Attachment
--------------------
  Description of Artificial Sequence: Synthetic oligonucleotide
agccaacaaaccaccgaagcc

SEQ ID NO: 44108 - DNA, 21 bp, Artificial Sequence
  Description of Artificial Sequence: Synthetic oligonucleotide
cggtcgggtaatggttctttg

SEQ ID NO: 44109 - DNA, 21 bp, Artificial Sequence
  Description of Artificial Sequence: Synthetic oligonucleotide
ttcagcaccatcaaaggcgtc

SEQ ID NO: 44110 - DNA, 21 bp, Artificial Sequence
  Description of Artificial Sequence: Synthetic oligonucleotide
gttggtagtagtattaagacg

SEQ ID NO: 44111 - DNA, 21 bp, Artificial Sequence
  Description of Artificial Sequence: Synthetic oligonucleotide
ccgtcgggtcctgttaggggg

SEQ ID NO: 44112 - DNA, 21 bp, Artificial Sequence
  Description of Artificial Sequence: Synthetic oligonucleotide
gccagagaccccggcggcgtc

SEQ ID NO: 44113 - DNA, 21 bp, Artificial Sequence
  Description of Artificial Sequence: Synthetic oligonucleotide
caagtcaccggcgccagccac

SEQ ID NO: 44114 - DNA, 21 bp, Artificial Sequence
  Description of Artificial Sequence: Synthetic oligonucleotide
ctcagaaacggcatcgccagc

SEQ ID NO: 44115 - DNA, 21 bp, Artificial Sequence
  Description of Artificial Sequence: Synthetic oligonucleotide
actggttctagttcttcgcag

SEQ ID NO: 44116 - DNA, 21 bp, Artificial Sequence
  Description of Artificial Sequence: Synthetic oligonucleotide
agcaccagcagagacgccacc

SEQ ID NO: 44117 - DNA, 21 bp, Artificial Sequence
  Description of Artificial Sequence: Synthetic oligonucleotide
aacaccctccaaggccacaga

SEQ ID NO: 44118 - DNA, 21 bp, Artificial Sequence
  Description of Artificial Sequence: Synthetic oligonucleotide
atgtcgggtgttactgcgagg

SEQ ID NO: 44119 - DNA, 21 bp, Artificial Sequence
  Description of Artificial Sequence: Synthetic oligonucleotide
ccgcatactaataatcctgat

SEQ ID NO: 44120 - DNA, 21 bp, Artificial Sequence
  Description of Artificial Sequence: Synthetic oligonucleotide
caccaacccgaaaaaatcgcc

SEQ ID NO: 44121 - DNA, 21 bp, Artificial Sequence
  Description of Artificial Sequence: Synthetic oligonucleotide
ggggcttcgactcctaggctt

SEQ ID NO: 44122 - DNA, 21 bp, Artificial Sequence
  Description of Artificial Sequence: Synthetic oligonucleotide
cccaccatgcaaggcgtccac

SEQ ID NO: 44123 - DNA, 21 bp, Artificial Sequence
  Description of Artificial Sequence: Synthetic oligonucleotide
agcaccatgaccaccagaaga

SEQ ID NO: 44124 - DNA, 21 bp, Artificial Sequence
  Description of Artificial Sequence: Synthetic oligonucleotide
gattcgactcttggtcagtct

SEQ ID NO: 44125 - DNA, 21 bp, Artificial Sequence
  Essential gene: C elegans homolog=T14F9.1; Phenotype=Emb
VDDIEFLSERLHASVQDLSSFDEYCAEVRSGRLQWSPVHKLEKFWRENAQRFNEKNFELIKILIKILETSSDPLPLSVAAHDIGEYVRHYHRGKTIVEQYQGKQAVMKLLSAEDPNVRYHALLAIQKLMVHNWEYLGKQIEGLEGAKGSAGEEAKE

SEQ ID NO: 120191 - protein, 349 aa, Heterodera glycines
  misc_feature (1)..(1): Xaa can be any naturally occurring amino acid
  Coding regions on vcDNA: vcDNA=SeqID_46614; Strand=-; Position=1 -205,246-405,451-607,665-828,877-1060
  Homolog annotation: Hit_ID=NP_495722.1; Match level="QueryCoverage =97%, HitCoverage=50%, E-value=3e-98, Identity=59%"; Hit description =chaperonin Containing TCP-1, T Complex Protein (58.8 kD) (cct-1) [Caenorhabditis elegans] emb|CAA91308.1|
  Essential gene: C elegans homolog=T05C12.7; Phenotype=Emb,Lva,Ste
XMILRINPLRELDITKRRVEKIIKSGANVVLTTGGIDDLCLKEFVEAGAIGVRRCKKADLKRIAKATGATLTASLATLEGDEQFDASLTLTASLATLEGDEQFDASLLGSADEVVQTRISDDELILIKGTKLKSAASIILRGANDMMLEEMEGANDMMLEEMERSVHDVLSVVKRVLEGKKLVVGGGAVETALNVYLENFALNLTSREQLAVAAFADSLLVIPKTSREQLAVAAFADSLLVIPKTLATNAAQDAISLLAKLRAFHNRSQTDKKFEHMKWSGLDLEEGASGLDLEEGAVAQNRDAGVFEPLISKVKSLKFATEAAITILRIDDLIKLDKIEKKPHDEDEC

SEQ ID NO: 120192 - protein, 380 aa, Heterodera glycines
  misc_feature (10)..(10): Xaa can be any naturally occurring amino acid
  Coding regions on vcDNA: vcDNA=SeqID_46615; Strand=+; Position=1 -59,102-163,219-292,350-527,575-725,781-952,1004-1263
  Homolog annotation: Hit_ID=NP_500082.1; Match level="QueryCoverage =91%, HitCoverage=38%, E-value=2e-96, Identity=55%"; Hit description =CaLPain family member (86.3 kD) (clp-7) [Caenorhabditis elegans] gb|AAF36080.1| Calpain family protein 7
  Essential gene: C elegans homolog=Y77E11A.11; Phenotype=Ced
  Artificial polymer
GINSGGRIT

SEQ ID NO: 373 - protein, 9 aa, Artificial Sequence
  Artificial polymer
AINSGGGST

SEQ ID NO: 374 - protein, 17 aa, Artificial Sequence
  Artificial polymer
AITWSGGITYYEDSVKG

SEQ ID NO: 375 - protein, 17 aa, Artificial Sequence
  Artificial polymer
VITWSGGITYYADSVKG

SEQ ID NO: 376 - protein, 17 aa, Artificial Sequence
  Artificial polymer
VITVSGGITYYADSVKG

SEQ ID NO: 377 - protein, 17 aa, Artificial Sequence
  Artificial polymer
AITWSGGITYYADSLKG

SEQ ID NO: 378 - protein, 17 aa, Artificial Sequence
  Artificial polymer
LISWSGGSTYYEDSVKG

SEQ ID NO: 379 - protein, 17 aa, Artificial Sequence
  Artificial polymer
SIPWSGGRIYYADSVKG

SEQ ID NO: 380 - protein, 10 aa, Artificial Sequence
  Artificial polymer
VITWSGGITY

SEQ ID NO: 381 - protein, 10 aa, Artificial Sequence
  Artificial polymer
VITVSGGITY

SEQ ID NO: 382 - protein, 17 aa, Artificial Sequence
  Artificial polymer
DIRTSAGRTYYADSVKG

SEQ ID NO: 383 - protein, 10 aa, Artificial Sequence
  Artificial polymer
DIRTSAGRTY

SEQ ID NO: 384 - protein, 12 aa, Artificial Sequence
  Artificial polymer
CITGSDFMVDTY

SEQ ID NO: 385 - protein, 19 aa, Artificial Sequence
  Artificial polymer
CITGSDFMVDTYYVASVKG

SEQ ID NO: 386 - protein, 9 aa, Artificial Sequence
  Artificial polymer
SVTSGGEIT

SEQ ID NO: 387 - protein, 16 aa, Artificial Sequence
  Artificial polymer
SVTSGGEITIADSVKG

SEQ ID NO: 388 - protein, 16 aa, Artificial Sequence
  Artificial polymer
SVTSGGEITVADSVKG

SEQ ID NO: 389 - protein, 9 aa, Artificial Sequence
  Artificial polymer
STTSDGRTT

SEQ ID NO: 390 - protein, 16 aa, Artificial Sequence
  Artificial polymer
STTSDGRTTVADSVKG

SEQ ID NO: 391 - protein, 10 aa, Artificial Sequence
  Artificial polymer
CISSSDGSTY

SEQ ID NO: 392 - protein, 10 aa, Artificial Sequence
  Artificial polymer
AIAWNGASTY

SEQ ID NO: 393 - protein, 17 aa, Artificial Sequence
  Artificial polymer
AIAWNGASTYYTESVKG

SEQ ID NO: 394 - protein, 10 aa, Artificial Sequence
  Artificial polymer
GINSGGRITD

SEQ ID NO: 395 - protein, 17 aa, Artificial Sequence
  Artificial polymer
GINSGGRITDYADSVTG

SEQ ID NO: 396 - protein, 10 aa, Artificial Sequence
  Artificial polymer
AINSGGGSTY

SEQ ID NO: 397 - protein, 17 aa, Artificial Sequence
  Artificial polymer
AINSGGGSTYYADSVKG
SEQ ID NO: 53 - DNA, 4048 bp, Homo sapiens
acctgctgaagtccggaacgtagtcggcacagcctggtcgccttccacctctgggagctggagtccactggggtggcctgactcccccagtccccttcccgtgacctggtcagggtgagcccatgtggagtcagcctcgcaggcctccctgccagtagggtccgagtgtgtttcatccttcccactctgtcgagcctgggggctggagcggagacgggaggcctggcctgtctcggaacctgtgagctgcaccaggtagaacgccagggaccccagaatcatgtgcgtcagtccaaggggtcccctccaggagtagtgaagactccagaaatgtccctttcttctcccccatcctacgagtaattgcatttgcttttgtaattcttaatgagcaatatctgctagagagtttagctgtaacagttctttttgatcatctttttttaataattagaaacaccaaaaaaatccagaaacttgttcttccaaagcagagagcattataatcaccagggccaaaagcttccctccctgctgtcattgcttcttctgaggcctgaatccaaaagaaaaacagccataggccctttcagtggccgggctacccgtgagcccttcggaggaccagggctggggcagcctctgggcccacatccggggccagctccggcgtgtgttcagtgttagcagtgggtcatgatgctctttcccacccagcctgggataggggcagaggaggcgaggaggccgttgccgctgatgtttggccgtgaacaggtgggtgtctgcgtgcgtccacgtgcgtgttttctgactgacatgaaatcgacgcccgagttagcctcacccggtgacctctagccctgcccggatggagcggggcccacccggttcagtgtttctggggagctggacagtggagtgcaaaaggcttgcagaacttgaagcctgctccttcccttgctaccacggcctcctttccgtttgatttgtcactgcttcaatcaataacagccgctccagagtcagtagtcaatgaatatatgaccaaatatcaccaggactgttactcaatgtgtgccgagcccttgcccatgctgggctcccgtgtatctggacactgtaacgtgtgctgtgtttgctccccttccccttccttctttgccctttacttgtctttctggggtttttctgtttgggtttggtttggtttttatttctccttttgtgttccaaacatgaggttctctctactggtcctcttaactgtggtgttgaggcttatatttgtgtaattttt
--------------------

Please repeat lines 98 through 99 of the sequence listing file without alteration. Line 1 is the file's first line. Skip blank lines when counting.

  Artificial polymer
DIRTSAGRTYYADSVKG